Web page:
As Campaign Ends, Southerland, Graham Work To Turn Out Votes

Nov 3, 2014

Rep. Southerland (R-FL2) at his campaign headquarters making calls to constituents.
Credit Nick Evans

The light at the end of the tunnel is growing brighter in the campaign for Florida’s second congressional district.  Incumbent Rep. Steve Southerland (R-FL2) and his Democratic challenger Gwen Graham are busy canvassing the district to rally support the day before the midterm election.

Just north of Interstate 10 in a small second-floor room, Steve Southerland and a handful of supporters are calling constituents to remind them about Election Day.  It’s no frills.  They’ve set up some folding tables and chairs, there’s a Florida congressional map on the wall, and a stack of oversized Southerland signs leaned up behind the door. 

Southerland came into office on the tea party wave of 2010, and dissatisfaction with the president was a major campaign issue then too.  But in the intervening years, the fervor that brought Tea Party candidates into power has cooled.  Some incumbents like Southerland are facing tight races, which means a lot of time on the phone—and it’s not always easy.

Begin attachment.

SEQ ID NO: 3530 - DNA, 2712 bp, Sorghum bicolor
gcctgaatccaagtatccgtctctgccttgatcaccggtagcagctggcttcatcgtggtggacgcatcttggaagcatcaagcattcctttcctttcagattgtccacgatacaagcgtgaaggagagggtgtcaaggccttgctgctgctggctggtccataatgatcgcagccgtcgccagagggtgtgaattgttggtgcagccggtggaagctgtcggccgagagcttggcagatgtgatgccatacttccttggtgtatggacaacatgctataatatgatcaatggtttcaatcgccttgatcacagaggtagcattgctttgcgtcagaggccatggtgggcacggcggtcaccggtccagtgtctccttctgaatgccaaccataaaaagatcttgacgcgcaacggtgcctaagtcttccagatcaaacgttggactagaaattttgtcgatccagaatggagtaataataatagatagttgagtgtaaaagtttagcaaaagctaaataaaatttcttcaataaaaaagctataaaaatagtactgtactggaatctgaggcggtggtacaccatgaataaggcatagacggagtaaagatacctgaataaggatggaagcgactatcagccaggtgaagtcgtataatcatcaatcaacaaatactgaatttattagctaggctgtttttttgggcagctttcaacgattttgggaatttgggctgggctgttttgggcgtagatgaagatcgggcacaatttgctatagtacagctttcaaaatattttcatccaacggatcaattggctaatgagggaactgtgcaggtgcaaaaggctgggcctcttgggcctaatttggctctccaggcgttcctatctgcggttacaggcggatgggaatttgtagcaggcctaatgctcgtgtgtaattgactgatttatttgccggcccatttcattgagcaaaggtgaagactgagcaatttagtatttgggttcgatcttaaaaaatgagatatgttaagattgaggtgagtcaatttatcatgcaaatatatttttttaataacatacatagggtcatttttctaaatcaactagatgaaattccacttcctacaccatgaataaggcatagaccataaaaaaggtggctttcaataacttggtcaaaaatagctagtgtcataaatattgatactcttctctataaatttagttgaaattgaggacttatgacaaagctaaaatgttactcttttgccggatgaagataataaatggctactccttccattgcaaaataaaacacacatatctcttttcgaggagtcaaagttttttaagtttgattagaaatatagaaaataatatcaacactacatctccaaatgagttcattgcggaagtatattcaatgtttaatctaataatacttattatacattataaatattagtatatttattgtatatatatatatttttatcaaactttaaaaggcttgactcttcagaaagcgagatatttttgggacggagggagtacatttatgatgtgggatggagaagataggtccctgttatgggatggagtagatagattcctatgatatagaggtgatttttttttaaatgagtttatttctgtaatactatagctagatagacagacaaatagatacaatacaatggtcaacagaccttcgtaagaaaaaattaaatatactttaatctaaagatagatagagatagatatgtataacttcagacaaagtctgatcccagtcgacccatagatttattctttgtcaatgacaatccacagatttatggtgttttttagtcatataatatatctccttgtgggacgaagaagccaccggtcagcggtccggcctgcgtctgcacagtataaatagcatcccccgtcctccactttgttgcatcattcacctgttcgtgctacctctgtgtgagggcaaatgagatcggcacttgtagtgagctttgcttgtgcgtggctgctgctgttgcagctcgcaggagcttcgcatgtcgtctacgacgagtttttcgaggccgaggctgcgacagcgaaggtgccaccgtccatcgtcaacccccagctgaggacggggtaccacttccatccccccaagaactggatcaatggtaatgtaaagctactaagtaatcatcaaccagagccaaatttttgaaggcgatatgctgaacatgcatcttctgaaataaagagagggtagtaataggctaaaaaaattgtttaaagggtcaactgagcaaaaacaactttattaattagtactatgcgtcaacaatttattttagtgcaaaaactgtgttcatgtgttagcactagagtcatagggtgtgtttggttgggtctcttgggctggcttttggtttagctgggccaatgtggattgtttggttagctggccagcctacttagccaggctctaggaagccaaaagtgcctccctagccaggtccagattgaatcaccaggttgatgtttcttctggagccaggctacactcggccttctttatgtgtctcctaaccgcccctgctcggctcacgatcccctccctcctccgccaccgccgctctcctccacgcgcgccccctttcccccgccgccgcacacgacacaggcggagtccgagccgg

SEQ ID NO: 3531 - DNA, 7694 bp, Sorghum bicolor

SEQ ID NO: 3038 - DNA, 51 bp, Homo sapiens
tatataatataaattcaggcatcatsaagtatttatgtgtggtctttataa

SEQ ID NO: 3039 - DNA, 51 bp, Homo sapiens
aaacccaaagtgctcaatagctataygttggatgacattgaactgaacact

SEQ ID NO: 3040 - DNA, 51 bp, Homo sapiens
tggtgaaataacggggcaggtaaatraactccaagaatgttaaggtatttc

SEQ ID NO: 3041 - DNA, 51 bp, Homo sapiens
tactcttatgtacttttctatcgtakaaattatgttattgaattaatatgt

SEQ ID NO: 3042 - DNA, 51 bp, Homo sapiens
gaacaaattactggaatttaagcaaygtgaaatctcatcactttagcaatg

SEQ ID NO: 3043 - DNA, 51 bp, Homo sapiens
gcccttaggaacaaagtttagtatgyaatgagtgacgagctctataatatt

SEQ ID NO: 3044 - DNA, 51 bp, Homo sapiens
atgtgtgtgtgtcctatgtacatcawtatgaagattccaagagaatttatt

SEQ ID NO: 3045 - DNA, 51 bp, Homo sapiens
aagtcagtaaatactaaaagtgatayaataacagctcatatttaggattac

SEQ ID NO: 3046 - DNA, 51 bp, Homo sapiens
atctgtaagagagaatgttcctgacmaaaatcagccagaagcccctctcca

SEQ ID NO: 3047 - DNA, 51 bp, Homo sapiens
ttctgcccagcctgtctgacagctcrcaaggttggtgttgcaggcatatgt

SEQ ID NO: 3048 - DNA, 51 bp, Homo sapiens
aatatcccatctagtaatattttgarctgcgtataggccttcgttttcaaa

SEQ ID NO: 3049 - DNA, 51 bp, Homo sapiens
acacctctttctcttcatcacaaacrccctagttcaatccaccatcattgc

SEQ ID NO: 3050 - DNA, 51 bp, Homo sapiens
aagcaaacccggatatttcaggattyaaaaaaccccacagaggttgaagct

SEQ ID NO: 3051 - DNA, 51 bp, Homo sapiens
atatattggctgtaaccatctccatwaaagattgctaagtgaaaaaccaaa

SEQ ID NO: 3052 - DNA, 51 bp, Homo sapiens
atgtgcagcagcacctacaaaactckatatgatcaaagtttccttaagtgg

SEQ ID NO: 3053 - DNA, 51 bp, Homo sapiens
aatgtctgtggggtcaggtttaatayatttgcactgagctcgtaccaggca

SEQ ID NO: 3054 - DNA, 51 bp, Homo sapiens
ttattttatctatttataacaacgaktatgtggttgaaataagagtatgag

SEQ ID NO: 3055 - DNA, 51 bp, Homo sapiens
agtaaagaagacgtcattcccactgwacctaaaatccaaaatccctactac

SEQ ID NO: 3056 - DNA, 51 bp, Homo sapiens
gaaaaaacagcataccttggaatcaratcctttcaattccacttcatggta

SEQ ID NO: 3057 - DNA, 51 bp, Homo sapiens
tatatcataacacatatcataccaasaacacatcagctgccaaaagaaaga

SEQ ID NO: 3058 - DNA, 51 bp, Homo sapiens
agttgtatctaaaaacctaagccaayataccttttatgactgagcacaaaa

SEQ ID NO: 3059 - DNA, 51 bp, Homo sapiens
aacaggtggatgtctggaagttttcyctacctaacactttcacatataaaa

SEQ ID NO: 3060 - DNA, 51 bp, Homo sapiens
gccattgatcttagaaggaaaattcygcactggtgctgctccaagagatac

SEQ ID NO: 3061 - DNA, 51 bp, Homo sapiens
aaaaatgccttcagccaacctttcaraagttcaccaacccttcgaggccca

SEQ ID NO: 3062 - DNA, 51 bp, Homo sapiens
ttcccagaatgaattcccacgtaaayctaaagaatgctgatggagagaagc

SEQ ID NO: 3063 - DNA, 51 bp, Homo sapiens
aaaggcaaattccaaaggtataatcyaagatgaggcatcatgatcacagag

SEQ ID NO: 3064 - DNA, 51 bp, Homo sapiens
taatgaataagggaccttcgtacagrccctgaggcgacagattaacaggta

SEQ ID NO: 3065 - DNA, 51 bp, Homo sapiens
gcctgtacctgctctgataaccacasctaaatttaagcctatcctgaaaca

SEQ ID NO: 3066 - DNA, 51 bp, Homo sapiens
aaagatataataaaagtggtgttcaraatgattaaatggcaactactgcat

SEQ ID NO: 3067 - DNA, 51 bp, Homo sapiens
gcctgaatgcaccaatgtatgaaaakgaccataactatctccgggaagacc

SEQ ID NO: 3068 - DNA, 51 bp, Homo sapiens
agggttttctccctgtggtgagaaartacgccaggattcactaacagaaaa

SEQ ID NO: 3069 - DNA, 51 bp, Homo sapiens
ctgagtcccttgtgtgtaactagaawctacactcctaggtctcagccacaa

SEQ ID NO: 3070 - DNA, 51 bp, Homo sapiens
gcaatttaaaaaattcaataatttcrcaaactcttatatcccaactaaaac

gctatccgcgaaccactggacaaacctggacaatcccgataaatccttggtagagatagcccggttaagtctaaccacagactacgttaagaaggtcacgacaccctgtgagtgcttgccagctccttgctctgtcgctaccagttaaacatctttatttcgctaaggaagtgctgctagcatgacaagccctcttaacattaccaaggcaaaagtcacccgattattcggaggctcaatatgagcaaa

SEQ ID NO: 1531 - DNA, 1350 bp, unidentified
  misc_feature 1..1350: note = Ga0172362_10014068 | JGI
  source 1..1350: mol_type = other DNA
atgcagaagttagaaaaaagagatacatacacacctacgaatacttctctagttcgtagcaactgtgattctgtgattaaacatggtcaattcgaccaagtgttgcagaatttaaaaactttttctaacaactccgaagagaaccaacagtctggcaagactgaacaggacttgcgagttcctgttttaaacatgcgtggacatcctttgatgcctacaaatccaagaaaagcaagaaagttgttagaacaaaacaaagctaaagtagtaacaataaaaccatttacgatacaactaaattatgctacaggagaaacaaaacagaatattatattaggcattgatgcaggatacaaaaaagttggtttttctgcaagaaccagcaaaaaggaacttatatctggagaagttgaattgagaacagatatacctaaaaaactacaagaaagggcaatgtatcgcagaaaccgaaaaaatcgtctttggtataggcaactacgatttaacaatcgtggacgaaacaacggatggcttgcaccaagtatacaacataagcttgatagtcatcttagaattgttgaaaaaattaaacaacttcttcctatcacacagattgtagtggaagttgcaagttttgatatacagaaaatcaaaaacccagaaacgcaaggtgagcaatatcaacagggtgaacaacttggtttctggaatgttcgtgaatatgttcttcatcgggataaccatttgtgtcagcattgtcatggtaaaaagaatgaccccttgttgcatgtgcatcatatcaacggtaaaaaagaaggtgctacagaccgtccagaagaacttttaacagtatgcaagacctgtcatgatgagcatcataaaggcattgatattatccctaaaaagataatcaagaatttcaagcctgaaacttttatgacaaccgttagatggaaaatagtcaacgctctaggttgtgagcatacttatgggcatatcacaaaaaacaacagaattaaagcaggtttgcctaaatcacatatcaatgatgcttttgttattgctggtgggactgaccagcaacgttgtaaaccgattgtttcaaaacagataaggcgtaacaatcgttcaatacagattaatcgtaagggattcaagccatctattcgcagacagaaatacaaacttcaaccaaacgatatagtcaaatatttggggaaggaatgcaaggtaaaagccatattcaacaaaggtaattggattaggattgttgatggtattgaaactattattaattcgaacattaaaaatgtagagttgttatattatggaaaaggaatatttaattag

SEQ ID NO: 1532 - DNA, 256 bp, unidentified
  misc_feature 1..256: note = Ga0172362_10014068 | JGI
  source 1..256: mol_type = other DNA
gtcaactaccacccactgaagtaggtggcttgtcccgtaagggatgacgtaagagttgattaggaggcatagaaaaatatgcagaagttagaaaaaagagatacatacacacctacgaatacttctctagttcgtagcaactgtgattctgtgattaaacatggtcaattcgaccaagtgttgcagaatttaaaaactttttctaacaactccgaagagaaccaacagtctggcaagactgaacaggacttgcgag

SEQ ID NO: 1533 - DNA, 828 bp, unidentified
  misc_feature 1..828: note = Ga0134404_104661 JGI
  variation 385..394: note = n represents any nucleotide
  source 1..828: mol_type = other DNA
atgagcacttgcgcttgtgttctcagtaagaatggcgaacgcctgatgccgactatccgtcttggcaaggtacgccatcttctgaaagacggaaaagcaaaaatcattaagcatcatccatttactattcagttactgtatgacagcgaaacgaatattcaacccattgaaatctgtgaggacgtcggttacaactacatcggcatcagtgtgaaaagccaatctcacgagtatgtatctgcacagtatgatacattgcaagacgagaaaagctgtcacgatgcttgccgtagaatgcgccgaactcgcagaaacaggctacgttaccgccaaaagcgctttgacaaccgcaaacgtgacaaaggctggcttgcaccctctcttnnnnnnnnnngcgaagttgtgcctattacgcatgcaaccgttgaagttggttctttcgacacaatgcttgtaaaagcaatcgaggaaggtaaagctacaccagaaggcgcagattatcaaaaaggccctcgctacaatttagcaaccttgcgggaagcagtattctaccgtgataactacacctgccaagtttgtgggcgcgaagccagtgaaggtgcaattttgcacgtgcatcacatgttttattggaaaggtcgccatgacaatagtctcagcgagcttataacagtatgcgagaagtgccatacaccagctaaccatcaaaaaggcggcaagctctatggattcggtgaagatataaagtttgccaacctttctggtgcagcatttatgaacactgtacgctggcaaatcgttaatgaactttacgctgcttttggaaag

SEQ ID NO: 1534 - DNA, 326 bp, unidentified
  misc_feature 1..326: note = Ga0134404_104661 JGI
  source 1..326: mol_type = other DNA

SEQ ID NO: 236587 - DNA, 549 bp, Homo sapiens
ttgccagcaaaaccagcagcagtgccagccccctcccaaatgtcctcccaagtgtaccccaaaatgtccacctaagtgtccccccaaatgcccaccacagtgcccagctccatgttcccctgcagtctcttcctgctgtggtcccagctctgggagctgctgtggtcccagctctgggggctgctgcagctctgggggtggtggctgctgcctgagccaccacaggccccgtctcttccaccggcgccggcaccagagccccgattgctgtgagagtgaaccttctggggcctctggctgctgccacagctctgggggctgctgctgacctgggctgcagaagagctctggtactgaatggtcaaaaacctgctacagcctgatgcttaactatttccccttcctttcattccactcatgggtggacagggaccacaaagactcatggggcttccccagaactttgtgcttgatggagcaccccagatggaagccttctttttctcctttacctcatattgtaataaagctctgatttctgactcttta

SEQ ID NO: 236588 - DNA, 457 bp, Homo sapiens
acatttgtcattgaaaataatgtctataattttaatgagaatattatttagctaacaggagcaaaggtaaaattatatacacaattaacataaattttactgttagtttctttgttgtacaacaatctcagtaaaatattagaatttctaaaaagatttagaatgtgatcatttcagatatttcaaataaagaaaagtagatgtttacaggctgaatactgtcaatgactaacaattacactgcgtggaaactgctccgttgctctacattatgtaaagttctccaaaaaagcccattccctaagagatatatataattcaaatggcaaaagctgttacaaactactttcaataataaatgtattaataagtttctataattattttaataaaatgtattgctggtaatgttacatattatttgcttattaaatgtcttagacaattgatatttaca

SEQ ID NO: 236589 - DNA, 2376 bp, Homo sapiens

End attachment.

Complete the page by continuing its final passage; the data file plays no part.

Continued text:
“Well, nobody likes to be rejected,” Southerland says.

But Southerland isn’t looking for supporters.

“What you’re really looking for is the undecided voter,” Southerland says.  “Or a person that has made—doesn’t think that it’s important to vote.  Because those are the conversations you want to have to really motivate them and encourage them to go vote, and then hopefully to vote for you.”

On the other side of the freeway, and the other end of the political spectrum, Democrat Gwen Graham’s Northside campaign office is organizing canvassing teams.  Jamie van Pelt is one of the volunteers who’ll be out knocking on doors.

“It’s a rush,” Van Pelt says.  “You get to talk to voters and interact.  You really feel like the election can be in your hands—whether you can get people out to vote, and whether they’re going to vote for Gwen.”

Graham hopes these volunteers, and others at her downtown phone bank, will be able to help push her over the top.

Graham campaign volunteers making calls of their own at the downtown office.
Credit Nick Evans

“Well I do hear a lot of appreciation, for the fact that we have people that are making calls,” Graham says.  “I understand there are a lot robocalls that are being used.  But this whole campaign has been about people for me, so I want that people-to-people connection.”

Aside from the calls, and the continual campaign ads on TV, the Internet, and the radio, the past few weeks have seen national political figures like Marco Rubio and Bill Clinton in Florida’s second district stumping for their party’s candidate.  For many voters, Tuesday evening can’t come soon enough.

Chuckling, Graham says, “We’re just going to continue doing what we’ve been doing now for over 570 days.”

Maybe the candidates are ready for Tuesday night, too.